Tuesday 17 July 2018

Keane: Returning Grand Slam heroes won't be intimidated by anyone

Connacht head coach Kieran Keane. Photo: Seb Daly/Sportsfile
Connacht head coach Kieran Keane. Photo: Seb Daly/Sportsfile
Cian Tracey

Cian Tracey

Kieran Keane looks to his left at the man sitting beside him, pauses, then cracks a wry smile, before answering the question.

"He brings a number of things, but I can't tell you all of those though."

The Connacht head coach has just been asked about what he believes Bundee Aki will bring to the table when the Westerners' season is put on the line against Gloucester on Saturday.

Hopes of qualifying for the Champions Cup have been majorly hampered by a frustratingly inconsistent domestic season, and all eyes are now on their Challenge Cup quarter-final clash.

Aki's expected return, along with Kieran Marmion, Quinn Roux and Ultan Dillane would make Connacht an altogether more dangerous proposition.

"What he'll bring is, he'll bring a threat and presence which will good for us," Keane continues, as Aki replicates the knowing smile.

"It means that we can use him or don't use him in certain situations. But that threatening presence that he brings and the hard edge, will lift the other boys."

The chemistry between the head coach and key man is clear. Their journey is one that dates back to the pair's days in New Zealand, when Keane used to watch Aki very closely.

By the time the 64-year-old had rocked up at the Chiefs, Aki had settled in Galway where he has since achieved cult hero status.

Keane, however, had seen enough of Aki to know that he would eventually play international rugby, and while it came in a green rather than black jersey, he was suitably delighted for a player, whom the All Blacks still believe was one that got away.

"I was quite emotional about this bugger," Keane admits.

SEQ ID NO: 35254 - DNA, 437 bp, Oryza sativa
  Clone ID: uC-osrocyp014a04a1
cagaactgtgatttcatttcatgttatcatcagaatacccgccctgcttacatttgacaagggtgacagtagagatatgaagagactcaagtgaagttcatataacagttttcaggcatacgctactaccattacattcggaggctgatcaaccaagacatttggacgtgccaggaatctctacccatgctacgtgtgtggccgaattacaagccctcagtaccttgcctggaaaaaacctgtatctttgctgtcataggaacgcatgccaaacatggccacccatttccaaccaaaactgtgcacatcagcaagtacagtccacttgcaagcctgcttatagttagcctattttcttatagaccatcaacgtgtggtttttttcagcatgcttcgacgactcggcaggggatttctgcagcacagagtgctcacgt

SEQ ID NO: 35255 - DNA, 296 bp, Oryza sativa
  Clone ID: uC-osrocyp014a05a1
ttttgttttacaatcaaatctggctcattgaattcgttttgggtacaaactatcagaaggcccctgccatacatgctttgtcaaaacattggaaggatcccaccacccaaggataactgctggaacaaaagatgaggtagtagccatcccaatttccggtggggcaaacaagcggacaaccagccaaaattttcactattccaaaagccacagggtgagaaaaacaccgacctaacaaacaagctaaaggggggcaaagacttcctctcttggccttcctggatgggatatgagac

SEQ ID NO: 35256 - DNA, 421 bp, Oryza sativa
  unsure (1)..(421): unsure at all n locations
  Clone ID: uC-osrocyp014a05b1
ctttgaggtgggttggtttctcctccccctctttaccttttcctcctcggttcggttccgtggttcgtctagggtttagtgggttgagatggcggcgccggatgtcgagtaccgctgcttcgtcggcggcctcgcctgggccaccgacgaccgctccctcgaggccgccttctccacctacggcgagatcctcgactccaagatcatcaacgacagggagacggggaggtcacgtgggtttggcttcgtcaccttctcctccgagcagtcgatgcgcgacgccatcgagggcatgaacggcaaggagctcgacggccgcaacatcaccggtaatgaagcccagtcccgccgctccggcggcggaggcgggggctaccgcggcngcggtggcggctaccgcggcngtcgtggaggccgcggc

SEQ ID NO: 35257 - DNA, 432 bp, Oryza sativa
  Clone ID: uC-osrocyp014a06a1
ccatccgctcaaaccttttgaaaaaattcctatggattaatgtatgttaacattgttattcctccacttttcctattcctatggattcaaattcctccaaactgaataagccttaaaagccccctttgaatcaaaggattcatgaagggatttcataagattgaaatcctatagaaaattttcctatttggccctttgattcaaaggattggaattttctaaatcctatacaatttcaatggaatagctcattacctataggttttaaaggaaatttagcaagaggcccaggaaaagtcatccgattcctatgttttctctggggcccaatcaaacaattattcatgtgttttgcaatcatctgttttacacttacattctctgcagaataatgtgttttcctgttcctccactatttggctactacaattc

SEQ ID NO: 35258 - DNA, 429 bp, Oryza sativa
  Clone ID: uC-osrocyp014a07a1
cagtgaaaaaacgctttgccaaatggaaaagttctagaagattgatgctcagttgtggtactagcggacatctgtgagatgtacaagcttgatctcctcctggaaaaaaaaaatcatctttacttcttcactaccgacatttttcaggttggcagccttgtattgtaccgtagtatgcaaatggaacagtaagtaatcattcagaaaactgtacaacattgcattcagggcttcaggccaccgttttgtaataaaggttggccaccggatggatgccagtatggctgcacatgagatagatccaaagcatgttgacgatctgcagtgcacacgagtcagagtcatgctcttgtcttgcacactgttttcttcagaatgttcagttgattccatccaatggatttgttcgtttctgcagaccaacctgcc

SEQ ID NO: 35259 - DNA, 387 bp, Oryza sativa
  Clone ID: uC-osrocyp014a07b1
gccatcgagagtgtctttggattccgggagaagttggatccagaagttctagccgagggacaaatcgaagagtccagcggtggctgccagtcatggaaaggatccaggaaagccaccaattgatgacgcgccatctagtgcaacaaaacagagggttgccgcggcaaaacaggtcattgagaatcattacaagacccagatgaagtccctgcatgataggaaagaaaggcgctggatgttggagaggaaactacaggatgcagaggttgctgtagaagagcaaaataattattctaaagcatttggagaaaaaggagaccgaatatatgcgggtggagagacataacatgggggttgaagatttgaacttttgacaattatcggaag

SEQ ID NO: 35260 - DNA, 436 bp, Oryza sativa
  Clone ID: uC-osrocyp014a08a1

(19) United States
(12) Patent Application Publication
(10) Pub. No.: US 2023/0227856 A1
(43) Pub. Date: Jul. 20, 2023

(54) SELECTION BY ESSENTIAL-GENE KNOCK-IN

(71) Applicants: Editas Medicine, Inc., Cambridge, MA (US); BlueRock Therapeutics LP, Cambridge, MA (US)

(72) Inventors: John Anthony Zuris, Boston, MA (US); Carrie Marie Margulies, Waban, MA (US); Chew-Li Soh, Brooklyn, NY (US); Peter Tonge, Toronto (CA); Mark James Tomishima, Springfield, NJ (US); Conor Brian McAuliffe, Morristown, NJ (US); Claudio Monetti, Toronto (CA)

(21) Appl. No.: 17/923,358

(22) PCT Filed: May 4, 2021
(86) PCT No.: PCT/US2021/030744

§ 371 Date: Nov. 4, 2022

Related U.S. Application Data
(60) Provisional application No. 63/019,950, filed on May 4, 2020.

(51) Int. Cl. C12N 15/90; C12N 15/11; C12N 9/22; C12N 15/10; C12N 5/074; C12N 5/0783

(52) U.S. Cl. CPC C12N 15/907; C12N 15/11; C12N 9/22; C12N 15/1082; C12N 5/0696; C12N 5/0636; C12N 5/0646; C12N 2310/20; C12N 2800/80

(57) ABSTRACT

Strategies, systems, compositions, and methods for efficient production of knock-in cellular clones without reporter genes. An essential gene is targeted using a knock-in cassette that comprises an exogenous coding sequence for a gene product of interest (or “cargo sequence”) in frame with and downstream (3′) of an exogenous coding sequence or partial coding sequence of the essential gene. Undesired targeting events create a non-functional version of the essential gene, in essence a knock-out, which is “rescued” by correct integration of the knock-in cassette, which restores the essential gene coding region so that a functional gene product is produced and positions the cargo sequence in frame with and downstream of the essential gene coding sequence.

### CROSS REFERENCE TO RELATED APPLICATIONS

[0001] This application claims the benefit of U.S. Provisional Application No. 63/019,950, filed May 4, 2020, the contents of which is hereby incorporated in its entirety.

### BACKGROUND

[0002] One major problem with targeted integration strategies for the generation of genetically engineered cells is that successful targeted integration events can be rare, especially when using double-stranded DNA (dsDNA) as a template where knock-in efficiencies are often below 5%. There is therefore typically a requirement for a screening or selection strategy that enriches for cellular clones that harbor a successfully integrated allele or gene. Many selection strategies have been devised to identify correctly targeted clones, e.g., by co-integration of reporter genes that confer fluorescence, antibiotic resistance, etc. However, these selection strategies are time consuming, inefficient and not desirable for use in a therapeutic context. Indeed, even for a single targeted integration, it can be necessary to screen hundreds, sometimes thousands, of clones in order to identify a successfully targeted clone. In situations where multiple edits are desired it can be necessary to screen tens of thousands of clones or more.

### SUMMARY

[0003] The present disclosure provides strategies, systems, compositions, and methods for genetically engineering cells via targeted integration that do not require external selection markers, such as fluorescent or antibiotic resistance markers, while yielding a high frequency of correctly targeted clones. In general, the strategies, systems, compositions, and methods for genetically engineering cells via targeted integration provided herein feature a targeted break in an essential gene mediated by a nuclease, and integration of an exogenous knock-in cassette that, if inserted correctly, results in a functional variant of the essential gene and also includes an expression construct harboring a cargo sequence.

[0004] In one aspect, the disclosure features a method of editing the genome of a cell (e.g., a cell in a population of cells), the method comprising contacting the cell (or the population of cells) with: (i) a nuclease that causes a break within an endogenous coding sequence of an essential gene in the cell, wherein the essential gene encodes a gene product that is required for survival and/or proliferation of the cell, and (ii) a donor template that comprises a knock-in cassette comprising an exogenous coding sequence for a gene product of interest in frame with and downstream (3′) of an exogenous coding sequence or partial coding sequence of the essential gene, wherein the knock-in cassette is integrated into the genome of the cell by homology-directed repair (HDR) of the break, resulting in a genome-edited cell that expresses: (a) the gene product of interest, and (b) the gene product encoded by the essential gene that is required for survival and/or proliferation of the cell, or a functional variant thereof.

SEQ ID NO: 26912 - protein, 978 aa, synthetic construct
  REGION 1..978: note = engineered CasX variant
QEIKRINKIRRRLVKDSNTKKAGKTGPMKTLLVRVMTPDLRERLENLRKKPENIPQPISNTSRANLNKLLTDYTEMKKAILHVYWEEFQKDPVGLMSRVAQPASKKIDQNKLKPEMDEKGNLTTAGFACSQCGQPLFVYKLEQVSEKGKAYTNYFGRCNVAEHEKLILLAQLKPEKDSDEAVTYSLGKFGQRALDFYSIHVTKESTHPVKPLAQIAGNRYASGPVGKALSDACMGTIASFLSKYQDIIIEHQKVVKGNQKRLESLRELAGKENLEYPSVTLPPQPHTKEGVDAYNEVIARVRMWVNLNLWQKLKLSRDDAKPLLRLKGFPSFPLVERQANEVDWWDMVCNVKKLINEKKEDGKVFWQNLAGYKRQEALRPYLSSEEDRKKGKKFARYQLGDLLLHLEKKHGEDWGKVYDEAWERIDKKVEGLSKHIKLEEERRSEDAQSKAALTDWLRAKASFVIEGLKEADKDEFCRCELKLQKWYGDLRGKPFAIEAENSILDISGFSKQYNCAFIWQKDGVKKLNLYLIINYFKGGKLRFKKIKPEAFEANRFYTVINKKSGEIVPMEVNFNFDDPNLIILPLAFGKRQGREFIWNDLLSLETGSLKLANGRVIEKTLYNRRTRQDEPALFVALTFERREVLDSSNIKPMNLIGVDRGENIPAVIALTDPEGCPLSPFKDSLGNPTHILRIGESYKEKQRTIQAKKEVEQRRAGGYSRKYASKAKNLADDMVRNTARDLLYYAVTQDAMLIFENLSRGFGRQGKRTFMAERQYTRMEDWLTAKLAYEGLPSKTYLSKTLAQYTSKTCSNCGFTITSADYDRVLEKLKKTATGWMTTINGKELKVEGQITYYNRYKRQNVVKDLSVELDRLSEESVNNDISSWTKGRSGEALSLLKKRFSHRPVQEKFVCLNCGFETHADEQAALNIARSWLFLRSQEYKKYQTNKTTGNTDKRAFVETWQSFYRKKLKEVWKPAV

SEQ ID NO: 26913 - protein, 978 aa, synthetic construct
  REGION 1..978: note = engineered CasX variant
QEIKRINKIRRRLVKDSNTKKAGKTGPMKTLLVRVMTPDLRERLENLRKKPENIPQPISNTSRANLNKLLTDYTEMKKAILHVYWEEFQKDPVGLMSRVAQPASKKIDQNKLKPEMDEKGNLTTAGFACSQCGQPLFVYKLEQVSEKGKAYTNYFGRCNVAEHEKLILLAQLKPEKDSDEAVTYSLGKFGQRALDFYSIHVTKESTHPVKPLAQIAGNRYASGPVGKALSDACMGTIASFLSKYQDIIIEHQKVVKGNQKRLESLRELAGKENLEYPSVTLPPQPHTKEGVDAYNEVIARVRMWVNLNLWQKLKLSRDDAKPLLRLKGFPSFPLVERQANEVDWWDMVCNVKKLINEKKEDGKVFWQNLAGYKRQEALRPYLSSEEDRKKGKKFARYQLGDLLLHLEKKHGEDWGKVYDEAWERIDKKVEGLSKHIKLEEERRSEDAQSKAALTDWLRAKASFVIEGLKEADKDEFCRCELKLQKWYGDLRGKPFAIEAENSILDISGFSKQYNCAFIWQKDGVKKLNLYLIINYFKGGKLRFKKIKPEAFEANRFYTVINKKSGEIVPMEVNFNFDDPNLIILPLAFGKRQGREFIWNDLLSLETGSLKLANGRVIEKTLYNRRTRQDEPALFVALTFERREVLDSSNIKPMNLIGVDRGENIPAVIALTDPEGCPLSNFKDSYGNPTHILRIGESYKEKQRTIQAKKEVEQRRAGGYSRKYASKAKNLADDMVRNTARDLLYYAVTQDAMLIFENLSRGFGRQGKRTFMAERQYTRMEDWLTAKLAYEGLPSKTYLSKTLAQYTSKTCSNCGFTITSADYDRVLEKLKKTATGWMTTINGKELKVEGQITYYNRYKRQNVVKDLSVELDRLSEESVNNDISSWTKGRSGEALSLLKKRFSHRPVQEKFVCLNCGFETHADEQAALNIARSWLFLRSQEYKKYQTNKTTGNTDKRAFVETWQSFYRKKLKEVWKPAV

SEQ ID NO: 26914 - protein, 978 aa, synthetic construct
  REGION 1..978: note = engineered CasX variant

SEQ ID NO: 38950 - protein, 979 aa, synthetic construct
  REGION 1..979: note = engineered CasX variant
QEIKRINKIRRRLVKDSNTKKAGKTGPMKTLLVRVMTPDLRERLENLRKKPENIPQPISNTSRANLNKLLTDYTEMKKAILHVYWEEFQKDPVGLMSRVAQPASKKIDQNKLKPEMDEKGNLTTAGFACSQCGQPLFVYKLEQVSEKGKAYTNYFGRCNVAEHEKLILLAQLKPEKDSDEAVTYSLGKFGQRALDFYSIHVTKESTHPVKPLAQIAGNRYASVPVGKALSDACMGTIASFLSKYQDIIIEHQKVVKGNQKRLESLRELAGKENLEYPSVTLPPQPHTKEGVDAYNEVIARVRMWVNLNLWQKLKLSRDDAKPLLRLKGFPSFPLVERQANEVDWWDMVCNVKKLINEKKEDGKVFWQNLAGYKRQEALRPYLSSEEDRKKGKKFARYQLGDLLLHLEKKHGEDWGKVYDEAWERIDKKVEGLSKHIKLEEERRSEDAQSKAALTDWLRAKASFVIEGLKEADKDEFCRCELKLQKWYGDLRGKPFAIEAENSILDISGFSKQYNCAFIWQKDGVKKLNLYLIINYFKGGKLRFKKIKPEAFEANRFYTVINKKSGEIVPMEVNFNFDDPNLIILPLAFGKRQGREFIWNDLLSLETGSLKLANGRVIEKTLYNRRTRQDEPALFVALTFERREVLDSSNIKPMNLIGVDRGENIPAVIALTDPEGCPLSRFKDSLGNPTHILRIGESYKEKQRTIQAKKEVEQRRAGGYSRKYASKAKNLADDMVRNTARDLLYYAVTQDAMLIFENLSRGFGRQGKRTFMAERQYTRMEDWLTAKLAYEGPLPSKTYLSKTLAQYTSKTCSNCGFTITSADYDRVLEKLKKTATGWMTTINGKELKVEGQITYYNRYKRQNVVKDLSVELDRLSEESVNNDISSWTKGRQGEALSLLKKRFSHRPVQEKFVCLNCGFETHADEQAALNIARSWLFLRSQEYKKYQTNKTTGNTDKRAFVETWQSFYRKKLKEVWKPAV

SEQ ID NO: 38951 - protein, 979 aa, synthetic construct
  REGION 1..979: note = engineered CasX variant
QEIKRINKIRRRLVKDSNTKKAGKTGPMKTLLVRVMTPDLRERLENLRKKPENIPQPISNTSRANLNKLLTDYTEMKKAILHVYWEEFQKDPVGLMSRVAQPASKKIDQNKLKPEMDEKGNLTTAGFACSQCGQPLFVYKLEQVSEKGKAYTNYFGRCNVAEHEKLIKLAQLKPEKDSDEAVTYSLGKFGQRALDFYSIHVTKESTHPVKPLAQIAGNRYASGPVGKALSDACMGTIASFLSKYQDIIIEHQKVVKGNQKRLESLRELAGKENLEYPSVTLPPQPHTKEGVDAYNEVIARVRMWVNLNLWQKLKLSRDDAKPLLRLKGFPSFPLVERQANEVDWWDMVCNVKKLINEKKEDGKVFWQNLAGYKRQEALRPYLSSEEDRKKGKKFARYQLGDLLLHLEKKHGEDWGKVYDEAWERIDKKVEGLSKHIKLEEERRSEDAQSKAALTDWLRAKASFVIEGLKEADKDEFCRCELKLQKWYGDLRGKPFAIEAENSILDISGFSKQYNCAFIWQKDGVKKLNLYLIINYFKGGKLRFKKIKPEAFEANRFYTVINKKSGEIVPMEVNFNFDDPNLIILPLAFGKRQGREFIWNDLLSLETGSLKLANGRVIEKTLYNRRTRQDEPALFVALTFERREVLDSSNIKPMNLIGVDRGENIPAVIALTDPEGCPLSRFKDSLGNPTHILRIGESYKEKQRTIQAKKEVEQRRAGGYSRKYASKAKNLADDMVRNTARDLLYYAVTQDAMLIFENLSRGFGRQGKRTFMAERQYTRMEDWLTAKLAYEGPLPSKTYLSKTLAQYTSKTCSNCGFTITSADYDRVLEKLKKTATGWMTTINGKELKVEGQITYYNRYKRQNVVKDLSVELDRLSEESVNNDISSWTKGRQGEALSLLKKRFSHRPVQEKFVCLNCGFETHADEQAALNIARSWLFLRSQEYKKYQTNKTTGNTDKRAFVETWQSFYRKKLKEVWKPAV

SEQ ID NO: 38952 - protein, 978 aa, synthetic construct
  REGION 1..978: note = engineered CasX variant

"I was very proud of him because the press weren't kind to him prior to it. Well, some of the press, to be honest. Apparently.

"But I felt that he did a wonderful job. It started his (international) career, but now he is going to go away from us. We're not going to get him (often), but we are happy for him - really happy for him.

"I did (believe he would play international rugby). I have always believed that. Even if he had stayed in New Zealand, I think he would have done well."

Connacht will hope that their returning international players will instil the winning mentality that will be needed to beat a Gloucester side who are still well in the hunt for Premiership semi-final spot.

"Well, they bring back an experience factor," Keane insists.

"They're not going to be intimidated by anybody and that's the blessing for us. It brings that bit of chemistry into the group and a little bit of biology too."

Despite the Westerners' inconsistencies this season, they have saved their best form for Europe, and they are due a big performance.

They are unlikely to be back amongst Europe's elite next season via the Guinness PRO14, which makes their Challenge Cup campaign even more important.

"In terms of that, without a doubt," Keane acknowledges.

"There's no grey there. But winning that is not a fix for curing all our ills. I think the issues that we have faced right from the get go is being able to adapt to a new way of playing.

Committed "Different playing group, different coaching group. These things take time. But I'm happy with the way it's going personally.

"I know it has been up and down and I know it would be really, really good for us to get a good result against Gloucester.

"I think we'll have 23 committed players and coaches, totally committed to the task but so will they. There are challenges there. Will it break us? No, it won't break us. If that (Champions Cup qualification) doesn't happen, then it probably says, 'We're not good enough'.

"We've got to be realistic and pragmatic about it. But we will be doing our level best to make it."

For all of that, it wasn't difficult to notice the optimistic mood around the Sportsground this week.

Neither the players nor coaches, are shying away from the importance of beating Gloucester and advancing to the last four.

"Look, there is a great bounce around the team," Keane adds.

"We have got a happy, cohesive team. They know what's at stake. Everybody wants to be selected.

"We name the team later in the week so this is why young fellas play the game.

"It's a big stage. It's an opportunity to show your wares."

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